Waste data including the disposal method and hazardous /non-hazardous split has been determined by information provided by the waste contractor. Waste data is extrapolated based on FTEs from Germany, the UK, the US and from eleven other countries, covering 72% of FTEs. Waste data does not include project waste, e.g. from refurbishments.

2

Waste composted in 2016 now includes data for Germany that previously was not possible to separate from recycled waste data. If this composted data for Germany was included in recycled, the total recycled would have increased 4%. In addition, as composted waste is accounted for in the waste disposed total, reported total waste disposed has increased accordingly.

3

Waste incinerated (without energy recovery) has increased in 2016 largely driven by an increase in waste generation from Postbank sites.

4

Waste landfilled decreased in 2016 as waste in Germany is no longer landfilled.

5

Hazardous waste has decreased in 2016 driven by a reduction in hazardous WEEE waste from Germany.

6

Copier paper data (“materials used” in GRI G4 reporting terminology) is extrapolated based on consumption per FTE from 17 countries covering 89% of FTEs.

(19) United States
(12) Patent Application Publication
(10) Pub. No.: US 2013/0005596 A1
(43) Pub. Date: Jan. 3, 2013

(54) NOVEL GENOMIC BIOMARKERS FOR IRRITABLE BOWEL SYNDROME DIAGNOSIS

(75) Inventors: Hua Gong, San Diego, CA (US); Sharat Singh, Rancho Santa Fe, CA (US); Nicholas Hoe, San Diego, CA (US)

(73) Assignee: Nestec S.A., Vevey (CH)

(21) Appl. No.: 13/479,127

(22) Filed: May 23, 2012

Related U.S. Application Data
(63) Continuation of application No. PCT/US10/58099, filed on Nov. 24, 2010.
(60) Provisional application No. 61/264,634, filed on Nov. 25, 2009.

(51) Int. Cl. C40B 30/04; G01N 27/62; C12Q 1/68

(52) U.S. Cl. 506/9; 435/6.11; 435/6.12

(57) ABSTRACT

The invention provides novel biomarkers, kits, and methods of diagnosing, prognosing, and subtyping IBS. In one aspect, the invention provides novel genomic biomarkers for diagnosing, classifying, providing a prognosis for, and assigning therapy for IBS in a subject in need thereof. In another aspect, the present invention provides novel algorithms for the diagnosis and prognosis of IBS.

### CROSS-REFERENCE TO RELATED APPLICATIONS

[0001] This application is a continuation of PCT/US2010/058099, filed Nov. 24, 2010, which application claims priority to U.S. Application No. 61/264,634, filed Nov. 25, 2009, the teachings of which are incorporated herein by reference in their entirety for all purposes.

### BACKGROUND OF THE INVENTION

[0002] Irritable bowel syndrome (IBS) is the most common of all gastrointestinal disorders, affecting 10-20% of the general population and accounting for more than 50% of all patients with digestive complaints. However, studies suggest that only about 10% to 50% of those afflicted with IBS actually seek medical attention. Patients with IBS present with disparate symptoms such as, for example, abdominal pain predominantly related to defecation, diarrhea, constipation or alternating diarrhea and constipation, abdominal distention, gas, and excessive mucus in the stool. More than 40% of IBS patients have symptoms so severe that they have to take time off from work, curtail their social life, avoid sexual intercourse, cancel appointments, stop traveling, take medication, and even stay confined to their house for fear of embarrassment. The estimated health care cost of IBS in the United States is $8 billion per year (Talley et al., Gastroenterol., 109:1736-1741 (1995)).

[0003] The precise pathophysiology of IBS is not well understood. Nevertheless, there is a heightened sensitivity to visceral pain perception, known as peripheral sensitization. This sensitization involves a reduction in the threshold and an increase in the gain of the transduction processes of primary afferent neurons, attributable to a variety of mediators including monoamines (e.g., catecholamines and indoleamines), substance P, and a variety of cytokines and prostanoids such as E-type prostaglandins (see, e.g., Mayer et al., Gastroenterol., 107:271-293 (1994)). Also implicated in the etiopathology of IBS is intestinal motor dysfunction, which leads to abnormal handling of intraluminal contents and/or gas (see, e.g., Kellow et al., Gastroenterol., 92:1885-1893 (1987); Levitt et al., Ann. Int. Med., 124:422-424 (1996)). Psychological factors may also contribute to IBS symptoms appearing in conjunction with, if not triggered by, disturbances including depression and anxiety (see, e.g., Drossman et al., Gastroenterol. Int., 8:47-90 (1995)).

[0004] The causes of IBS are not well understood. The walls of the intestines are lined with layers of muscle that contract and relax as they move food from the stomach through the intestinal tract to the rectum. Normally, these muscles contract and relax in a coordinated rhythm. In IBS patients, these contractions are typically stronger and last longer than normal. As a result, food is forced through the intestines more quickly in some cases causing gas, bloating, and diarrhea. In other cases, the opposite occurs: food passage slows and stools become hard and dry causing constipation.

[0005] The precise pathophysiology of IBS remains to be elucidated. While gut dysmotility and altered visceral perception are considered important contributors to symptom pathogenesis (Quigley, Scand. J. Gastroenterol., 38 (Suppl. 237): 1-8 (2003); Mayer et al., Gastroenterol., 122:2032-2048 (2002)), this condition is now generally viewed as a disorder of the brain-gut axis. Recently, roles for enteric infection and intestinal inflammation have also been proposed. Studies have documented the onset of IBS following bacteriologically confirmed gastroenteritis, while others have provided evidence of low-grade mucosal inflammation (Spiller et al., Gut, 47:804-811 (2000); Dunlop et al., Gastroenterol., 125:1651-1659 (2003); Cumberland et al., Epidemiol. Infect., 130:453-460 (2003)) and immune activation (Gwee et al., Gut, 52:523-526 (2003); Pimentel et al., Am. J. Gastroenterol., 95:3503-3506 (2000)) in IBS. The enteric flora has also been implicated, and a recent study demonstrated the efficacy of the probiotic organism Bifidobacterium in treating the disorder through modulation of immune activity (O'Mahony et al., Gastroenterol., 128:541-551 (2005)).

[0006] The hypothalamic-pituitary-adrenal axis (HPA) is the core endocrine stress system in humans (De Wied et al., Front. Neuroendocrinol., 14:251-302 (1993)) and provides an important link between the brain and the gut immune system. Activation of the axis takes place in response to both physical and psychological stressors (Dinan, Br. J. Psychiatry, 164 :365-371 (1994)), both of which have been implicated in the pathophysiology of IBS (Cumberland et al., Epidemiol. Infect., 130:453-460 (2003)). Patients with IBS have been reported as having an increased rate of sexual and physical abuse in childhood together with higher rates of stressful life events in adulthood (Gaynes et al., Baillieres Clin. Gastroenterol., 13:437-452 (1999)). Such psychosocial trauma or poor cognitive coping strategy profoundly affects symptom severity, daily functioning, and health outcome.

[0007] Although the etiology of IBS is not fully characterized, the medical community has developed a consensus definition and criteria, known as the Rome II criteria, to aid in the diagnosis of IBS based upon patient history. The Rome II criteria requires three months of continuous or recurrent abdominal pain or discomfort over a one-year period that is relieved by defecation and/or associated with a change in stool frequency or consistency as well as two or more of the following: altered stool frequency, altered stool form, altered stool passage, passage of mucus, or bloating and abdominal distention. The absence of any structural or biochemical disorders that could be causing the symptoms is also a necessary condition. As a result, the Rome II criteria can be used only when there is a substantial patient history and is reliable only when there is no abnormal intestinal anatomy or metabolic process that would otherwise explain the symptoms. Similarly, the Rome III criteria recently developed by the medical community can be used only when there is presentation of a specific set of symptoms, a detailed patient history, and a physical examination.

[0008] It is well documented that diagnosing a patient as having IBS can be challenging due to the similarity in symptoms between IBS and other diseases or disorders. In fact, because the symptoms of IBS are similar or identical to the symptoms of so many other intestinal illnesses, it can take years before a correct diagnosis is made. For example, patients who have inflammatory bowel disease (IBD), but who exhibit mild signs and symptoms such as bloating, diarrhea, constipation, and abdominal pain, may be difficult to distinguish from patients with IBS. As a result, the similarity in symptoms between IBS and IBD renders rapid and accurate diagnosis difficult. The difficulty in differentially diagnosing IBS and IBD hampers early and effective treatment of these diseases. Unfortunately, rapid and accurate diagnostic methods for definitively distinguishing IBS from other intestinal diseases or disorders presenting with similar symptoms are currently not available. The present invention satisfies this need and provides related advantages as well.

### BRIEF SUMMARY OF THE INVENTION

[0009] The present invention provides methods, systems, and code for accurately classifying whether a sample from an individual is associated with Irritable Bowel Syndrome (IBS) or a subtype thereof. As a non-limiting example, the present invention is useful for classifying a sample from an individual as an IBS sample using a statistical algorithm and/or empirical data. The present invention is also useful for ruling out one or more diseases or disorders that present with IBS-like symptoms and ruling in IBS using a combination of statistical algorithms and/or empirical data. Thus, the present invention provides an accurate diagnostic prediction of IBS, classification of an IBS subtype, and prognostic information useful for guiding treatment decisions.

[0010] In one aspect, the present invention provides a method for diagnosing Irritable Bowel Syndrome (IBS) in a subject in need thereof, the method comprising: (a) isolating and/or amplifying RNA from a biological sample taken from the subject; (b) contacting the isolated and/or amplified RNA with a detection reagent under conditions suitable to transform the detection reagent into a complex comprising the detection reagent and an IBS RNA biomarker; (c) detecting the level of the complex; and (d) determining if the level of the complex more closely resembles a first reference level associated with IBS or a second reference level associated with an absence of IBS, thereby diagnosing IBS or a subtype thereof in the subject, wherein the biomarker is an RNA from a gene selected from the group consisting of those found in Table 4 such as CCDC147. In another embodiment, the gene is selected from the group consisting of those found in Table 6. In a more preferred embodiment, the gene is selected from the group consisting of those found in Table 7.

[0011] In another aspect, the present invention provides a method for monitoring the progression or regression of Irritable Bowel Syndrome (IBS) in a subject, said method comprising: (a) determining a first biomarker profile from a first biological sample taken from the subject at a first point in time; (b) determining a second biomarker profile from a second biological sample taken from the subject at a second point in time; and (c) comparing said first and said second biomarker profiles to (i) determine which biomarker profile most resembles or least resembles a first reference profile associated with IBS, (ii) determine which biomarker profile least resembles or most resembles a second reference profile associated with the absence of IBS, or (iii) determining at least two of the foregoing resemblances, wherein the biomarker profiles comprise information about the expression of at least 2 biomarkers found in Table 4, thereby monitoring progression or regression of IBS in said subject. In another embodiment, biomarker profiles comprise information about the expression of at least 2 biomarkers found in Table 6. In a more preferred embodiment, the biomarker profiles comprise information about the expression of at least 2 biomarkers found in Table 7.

7

A reduction in the number of printers, print pooling and behavioural change amongst staff has contributed to a reduction in paper use. A lower percentage of paper purchased in 2016 was from recycled paper. We continue to purchase paper originating from sustainably managed forests.

Waste

 

 

 

 

Waste disposed1,2

25%

11,159

8,912

10,058

FTE-normalized waste disposed in t per FTE

23%

0.11

0.09

0.10

Waste produced

0%

26,683

26,666

30,639

FTE-normalized waste produced in t per FTE

-2%

0.26

0.27

0.31

Waste recycled2

-13%

15,525

17,755

20,581

FTE-normalized waste recycled in t per FTE

-14%

0.15

0.18

0.21

Waste recycled in %

-13%

58%

67%

67%

Waste composted2

229%

3,156

958

287

Waste with energy recovery

4%

6,334

6,075

7,712

Waste incinerated (without energy recovery)3

11%

1,622

1,462

1,473

Waste landfilled4

-89%

46

417

587

Hazardous Waste5

-56%

224

505

620

Non-Hazardous Waste

1%

26,459

26,161

30,013

Paper

 

 

 

 

Copy/print paper consumed6,7

-19%

3,323

4,104

4,395

Recycled paper7

-39%

524

862

851

Recycled content in %

-25%

16%

21%

19%

FTE-normalized paper consumption in kg per FTE

-20%

32.84

41.28

44.99